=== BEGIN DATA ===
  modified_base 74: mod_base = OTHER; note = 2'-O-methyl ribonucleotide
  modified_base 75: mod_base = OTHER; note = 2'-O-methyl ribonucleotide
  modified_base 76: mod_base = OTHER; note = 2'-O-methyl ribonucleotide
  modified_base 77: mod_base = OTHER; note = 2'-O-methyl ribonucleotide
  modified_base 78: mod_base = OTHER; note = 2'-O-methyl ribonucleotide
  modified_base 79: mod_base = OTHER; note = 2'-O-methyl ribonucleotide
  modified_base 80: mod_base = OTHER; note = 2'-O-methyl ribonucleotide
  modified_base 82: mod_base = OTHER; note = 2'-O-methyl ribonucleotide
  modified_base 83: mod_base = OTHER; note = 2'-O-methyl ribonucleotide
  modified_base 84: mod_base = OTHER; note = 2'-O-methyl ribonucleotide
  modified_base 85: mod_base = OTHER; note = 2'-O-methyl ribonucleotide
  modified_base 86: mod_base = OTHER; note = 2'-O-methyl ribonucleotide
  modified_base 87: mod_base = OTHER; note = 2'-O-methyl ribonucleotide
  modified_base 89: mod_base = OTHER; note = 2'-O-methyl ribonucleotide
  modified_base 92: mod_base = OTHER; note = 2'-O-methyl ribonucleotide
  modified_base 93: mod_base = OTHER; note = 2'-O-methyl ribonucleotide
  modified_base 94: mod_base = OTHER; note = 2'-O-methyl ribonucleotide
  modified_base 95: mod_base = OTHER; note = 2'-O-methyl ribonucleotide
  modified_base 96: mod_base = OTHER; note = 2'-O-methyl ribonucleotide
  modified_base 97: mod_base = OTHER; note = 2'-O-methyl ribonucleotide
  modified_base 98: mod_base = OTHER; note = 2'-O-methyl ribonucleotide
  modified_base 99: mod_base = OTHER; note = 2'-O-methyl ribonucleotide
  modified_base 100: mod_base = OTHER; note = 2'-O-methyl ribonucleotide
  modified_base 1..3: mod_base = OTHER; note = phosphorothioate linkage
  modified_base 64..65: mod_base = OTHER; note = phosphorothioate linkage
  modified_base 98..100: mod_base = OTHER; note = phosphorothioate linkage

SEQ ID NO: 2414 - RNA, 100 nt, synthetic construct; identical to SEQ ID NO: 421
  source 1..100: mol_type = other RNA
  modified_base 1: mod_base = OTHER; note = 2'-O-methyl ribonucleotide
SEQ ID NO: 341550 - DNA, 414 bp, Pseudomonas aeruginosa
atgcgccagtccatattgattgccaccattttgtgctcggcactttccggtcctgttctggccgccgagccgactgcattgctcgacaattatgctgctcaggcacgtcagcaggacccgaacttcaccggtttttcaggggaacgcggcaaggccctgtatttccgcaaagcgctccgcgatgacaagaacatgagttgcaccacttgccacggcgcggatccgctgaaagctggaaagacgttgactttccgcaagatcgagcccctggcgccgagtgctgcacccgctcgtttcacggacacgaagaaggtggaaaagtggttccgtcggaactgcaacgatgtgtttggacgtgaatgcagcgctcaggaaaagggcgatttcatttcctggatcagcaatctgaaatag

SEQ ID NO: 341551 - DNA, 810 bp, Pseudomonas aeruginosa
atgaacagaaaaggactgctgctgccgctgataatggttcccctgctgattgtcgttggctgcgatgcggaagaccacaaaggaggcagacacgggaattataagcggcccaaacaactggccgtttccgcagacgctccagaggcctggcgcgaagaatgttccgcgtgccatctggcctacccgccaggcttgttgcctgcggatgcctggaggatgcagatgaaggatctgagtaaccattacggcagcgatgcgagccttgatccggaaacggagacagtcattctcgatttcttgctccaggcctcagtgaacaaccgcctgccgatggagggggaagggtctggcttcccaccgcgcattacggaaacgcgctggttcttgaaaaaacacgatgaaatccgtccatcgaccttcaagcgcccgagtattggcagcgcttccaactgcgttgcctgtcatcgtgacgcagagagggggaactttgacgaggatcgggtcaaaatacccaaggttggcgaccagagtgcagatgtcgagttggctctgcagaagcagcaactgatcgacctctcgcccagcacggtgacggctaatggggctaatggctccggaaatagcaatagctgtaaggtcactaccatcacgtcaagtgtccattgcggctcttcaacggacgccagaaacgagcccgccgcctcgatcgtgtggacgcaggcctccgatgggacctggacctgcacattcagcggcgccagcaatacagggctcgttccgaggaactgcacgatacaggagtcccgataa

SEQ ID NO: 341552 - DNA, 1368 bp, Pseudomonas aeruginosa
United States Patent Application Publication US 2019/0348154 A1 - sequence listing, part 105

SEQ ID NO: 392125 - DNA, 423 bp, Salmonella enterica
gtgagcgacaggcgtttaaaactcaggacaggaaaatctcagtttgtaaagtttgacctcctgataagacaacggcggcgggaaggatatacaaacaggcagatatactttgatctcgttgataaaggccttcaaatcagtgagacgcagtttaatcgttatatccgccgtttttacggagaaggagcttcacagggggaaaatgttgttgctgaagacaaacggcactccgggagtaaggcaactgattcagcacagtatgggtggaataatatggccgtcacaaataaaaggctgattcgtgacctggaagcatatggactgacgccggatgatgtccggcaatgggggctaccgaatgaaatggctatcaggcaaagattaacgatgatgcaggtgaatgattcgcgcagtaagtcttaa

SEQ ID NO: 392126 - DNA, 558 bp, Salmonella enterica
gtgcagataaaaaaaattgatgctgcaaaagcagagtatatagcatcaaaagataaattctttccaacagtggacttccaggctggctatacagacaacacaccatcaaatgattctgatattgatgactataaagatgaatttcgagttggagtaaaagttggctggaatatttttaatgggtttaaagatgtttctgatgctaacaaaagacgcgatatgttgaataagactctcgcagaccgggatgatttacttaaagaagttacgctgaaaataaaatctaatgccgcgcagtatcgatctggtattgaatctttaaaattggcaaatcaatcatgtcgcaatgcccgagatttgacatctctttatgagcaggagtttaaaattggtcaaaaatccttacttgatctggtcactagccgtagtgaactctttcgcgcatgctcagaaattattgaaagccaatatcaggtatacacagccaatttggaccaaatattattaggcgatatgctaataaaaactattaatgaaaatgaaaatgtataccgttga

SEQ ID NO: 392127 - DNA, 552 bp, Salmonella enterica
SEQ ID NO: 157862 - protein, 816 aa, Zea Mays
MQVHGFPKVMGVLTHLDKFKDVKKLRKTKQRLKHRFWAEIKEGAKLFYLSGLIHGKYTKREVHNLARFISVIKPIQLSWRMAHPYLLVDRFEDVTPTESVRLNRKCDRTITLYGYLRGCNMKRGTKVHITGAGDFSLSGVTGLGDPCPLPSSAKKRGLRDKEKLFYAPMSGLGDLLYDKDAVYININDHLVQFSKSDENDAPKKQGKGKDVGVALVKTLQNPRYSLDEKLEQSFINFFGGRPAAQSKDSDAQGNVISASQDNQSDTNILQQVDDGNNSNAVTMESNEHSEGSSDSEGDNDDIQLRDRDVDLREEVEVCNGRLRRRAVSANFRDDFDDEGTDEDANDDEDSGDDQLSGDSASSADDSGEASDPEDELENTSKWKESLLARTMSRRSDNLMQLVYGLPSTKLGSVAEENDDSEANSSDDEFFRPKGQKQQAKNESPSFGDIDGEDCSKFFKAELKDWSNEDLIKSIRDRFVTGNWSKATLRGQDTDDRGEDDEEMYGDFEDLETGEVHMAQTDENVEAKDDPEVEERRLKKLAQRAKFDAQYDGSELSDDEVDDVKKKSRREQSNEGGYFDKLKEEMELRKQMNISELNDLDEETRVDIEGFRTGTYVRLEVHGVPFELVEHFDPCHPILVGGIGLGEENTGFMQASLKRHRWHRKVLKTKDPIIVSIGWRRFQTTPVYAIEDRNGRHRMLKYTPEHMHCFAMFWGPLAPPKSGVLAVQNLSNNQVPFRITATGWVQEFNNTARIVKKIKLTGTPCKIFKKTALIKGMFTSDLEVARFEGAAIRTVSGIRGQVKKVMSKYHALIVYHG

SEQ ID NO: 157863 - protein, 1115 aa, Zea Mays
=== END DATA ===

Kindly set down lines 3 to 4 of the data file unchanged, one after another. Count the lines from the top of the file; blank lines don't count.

  modified_base 76: mod_base = OTHER; note = 2'-O-methyl ribonucleotide
  modified_base 77: mod_base = OTHER; note = 2'-O-methyl ribonucleotide